Today is the Feast Day of St. John de Brébeuf. St. John was born in 1593 in Normandy, France. After graduating from college he joined the Jesuits in hopes of becoming a brother. On February 19, 1622, he was instead ordained a priest. Two years later, St. John and other Jesuits joined the Franciscan Recollects on their mission to evangelize to the American Indians. On June 19, 1625, they arrived in Quebec, Canada, and the tribe St. John and his companions encountered the Hurons. One day, when the Hurons wanted to engage in trade, St. John asked if they could go to their tribe. They arrived in the Toanche of the Huron nation. St. John didn’t have much luck in converting the tribesmen at the beginning. The only ones he managed to convert were the dying. After the Anglo-French War, the Jesuits and Franciscans were expatriated back to France. St. John worked at a college in Rouen until he could return. In 1633, the Jesuits and Franciscan Recollects returned to the Huron nation. For the first two years of their return, they built a cabin for the missionaries to live in and study the Huron culture. Afterward, they managed to convert twelve members of the Huron nation. It would not be long before the Huron nation began to push back. The missionaries contracted smallpox, and it spread to the Hurons. The Hurons believed that the missionaries were using the disease as a way to trick the tribesmen into converting. Even in the face of persecution, St. John was undeterred. He started expanding to other nations in Quebec. In response, the council chiefs decided it was best to execute St. John and the missionaries. In 1649, the Iroquois attacked the Huron nation and the missionaries. The Huron and the missionaries were taken as captives. After multiple forms of torture, St. John de Brebeuf was killed by the Iroquois. St. John was canonized by Pope Pius XI on June 30, 1930. He is the patron saint of Canada.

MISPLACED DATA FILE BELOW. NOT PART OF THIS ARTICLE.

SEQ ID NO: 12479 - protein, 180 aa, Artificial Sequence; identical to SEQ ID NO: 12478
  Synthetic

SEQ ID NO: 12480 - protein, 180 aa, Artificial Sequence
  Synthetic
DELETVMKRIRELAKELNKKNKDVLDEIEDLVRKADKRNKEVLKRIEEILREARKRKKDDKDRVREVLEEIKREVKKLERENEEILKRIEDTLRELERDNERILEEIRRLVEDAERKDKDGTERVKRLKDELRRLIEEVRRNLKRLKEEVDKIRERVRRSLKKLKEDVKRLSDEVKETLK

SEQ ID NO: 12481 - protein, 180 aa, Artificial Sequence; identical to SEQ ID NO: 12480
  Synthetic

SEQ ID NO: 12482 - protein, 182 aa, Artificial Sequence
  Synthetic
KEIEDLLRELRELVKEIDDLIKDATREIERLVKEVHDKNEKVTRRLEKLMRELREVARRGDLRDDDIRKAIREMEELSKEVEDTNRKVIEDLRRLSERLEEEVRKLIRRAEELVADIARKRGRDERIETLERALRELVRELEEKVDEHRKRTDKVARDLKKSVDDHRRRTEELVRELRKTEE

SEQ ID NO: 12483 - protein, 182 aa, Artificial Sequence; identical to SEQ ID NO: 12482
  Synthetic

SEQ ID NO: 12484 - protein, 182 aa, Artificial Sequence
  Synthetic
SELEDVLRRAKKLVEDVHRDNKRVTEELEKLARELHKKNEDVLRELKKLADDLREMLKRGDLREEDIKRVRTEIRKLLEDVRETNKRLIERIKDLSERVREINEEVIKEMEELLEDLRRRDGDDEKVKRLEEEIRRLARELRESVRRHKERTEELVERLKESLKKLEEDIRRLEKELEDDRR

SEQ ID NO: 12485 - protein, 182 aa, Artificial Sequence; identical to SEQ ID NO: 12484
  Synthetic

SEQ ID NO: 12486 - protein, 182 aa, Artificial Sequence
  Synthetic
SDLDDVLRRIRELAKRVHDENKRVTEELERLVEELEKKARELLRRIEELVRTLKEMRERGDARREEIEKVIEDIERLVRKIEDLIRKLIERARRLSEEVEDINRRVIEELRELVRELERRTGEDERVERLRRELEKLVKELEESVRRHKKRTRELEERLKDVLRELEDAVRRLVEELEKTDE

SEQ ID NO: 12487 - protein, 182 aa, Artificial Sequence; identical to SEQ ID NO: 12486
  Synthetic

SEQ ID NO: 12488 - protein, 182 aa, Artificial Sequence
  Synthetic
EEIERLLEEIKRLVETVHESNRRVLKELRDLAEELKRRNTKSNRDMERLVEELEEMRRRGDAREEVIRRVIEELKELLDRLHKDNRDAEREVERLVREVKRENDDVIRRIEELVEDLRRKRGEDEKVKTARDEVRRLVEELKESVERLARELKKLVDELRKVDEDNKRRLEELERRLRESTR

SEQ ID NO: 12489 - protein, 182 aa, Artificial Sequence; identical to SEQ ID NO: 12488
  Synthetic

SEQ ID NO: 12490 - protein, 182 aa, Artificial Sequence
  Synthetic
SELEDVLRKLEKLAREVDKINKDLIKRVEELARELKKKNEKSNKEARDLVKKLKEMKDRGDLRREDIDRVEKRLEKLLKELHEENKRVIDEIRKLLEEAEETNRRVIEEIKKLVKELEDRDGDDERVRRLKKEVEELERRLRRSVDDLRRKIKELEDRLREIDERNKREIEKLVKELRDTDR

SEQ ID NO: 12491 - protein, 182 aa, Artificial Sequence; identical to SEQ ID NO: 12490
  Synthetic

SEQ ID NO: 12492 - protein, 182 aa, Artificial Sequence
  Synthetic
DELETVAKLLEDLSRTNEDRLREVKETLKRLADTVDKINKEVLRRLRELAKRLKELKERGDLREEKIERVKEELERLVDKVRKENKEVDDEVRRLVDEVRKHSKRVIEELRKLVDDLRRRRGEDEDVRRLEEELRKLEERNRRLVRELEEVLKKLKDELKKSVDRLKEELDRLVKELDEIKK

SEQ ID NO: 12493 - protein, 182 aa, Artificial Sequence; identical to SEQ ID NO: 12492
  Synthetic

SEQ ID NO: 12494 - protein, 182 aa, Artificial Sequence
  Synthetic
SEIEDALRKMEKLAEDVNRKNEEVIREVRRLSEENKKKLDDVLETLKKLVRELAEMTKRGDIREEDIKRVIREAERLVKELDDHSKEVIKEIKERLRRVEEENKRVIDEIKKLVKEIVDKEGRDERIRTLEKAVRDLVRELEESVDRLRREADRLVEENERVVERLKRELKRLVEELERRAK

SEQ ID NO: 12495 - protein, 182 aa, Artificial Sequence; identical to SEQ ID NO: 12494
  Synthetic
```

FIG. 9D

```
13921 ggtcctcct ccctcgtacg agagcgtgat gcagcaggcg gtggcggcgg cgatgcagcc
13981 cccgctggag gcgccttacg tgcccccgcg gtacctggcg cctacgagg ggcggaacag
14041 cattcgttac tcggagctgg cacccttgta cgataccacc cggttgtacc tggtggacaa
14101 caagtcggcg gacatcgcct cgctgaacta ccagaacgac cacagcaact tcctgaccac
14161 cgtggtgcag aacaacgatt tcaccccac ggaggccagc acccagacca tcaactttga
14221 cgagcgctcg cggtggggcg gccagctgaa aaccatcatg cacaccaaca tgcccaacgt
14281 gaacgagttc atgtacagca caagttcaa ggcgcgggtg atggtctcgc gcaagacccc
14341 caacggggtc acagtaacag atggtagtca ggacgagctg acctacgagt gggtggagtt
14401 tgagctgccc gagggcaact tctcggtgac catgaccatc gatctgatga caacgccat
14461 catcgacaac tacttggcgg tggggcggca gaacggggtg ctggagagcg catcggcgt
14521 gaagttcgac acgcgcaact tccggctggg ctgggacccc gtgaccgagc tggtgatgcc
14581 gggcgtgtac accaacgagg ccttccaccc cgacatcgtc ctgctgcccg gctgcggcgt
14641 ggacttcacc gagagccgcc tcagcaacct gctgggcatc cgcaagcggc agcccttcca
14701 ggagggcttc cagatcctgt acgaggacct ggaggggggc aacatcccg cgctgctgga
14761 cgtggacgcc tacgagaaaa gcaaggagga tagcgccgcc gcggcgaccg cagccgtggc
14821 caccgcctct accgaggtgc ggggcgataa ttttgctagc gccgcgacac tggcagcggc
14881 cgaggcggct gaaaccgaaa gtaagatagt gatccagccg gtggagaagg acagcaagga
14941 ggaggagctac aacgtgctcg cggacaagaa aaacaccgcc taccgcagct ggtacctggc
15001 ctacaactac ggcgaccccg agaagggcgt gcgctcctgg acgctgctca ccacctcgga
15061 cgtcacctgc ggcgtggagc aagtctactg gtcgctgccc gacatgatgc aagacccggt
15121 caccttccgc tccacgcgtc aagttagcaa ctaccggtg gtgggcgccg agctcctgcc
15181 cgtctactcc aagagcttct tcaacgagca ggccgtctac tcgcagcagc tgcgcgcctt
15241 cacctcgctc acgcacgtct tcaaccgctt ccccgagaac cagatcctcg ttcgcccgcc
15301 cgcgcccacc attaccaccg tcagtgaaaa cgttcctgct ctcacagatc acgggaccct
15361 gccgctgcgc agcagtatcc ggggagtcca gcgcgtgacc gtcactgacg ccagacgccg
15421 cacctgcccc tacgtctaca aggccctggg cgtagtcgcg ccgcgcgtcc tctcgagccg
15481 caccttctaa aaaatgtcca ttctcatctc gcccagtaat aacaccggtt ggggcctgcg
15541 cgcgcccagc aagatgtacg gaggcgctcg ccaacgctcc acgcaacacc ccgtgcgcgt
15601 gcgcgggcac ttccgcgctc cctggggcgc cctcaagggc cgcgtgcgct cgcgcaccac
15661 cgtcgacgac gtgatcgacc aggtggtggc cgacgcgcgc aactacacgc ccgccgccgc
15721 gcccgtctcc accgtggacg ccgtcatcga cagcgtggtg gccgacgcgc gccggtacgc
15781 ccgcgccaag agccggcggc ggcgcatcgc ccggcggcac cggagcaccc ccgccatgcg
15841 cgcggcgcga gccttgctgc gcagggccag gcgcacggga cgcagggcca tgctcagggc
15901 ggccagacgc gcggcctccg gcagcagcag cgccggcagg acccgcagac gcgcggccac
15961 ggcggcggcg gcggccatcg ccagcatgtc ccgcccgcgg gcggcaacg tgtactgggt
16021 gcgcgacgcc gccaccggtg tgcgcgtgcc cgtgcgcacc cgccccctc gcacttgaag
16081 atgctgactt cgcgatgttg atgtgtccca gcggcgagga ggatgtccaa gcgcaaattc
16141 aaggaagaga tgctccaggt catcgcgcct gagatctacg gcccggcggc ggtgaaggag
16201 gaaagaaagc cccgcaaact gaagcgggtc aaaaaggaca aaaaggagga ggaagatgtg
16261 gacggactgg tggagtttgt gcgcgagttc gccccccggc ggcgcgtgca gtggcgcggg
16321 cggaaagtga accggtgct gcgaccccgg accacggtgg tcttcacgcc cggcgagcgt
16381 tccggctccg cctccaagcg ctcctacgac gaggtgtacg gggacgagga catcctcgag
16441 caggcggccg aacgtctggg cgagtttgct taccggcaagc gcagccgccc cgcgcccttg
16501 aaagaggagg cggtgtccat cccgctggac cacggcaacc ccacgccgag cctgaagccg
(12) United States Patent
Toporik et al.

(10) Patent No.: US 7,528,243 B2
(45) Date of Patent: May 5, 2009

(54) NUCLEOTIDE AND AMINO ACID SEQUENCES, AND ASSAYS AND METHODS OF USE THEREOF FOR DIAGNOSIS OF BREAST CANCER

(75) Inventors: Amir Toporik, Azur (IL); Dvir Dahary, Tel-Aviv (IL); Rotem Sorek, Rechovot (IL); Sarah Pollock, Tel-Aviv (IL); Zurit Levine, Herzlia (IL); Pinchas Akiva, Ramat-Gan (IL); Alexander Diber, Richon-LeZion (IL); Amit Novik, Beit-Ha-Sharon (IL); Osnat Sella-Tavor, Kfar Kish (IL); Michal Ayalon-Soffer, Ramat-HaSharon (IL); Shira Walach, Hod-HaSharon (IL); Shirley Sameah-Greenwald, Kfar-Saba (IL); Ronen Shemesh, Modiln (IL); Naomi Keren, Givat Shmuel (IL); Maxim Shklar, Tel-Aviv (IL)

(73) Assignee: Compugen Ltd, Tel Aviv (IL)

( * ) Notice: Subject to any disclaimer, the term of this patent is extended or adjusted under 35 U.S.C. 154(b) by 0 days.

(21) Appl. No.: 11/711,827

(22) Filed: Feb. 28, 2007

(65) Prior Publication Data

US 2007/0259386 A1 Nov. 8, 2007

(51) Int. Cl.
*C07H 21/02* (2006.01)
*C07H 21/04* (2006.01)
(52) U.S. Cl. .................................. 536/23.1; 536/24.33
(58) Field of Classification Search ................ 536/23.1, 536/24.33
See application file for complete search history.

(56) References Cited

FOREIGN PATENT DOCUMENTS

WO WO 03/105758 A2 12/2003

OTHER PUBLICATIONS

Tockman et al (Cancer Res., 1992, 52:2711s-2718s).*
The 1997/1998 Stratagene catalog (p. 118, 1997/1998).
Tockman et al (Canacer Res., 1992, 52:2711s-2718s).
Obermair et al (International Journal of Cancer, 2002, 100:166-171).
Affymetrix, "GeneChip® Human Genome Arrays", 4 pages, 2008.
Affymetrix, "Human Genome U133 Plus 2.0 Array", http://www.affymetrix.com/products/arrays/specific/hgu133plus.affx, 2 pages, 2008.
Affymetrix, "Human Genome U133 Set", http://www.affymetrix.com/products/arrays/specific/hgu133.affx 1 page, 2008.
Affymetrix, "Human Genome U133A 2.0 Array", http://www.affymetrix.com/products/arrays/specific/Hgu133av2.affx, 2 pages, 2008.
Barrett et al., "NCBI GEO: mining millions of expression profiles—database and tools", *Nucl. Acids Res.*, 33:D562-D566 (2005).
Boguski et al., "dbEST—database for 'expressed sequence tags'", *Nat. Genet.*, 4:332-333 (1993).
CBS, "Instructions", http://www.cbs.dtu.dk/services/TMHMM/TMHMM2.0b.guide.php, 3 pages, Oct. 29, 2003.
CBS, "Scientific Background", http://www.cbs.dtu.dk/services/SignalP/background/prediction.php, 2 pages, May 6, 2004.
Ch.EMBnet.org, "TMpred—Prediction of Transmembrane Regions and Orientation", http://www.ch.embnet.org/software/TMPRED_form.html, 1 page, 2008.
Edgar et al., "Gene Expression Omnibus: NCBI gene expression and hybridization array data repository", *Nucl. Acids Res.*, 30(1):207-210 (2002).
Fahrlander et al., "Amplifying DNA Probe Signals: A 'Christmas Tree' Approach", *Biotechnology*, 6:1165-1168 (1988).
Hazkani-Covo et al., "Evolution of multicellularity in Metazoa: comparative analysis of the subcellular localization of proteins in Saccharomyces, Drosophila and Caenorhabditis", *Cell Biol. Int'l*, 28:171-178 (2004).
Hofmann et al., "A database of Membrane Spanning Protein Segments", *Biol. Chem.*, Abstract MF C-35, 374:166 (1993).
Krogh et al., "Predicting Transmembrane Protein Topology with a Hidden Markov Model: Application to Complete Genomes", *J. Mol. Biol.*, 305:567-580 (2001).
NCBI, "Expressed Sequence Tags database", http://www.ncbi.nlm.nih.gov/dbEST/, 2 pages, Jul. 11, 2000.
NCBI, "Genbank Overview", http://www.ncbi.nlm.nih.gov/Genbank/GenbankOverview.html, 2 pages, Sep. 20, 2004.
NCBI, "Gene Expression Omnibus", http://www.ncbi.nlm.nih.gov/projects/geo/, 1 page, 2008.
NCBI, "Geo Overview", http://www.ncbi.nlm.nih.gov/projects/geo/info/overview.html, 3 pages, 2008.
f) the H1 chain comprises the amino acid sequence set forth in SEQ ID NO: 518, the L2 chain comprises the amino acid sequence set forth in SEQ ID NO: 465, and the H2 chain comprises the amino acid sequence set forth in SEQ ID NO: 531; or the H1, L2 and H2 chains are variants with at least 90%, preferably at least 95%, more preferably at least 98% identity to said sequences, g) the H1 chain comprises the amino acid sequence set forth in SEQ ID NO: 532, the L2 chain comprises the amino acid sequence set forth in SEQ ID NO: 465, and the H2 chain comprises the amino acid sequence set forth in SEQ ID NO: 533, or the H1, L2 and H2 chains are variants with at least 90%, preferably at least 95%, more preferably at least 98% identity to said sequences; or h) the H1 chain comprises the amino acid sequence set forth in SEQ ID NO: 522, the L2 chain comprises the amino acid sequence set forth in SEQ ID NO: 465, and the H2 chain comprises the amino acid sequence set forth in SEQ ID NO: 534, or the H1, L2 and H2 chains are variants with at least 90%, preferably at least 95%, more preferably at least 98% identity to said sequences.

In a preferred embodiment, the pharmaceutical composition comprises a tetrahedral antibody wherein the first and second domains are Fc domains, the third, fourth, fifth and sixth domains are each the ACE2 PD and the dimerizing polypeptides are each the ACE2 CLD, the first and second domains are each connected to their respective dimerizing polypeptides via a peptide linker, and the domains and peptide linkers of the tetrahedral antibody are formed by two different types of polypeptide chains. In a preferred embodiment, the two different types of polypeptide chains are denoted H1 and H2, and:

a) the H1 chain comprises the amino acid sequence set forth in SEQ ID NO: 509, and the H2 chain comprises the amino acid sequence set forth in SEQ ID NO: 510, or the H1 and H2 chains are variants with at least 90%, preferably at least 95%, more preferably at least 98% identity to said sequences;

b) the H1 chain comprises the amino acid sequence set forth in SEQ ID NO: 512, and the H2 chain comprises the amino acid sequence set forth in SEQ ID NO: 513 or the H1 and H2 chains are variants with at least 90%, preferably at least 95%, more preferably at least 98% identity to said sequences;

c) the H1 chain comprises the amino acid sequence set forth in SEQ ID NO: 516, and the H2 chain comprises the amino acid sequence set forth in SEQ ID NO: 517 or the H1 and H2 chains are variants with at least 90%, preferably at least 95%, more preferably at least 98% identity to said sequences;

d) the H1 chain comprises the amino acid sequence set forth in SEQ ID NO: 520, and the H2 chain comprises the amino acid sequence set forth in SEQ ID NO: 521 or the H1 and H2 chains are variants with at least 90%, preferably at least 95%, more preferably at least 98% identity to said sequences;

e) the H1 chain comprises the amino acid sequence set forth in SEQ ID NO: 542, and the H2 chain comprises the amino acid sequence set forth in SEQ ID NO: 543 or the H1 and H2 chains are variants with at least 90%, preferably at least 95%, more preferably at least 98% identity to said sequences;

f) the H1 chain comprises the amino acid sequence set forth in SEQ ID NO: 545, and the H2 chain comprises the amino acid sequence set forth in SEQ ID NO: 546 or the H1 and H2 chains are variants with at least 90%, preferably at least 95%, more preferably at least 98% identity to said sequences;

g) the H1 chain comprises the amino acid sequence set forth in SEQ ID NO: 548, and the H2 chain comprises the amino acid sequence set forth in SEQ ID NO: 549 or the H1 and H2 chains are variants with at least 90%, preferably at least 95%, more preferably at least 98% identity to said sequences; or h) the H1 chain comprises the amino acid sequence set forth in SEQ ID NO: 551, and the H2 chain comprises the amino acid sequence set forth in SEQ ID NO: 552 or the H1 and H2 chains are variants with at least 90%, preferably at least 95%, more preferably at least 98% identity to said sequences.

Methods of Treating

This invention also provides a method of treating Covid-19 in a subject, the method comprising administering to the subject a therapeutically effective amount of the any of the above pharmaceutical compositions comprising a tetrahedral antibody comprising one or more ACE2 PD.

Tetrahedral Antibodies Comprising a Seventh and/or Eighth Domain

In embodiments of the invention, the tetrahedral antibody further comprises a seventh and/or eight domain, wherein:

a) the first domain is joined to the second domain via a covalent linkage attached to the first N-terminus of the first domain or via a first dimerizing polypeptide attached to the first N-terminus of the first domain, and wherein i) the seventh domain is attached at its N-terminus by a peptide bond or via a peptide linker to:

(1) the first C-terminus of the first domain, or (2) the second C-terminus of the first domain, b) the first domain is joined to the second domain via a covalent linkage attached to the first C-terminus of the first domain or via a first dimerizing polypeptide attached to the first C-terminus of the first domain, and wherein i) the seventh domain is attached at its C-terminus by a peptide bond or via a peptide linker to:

Let us end this post with the prayer of St. John de Brébeuf: Jesus, my Lord, and Savior, what can I give you in return for all the favors you have first conferred on me? I will take from your hand the cup of your sufferings and call on your name. I vow before your eternal Father and the Holy Spirit, before your most holy Mother and her most chaste spouse, before the angels, apostles, and martyrs, before my blessed fathers Saint Ignatius and Saint Francis Xavier–in truth, I vow to you, Jesus my Savior, that as far as I have the strength, I will never fail to accept the grace of martyrdom, if someday you in your infinite mercy should offer it to me, your most unworthy servant…My beloved Jesus, here and now I offer my body and blood and life. May I die only for you, if you will grant me this grace since you willingly died for me? Let me so live that you may grant me the gift of such a happy death. In this way, my God and Savior, I will take from your hand the cup of your sufferings and call on your name: Jesus, Jesus, Jesus! Amen.
Author: Corey Smith
Image Attribution: Miguel Palafox, CC BY-SA 4.0, via Wikimedia Commons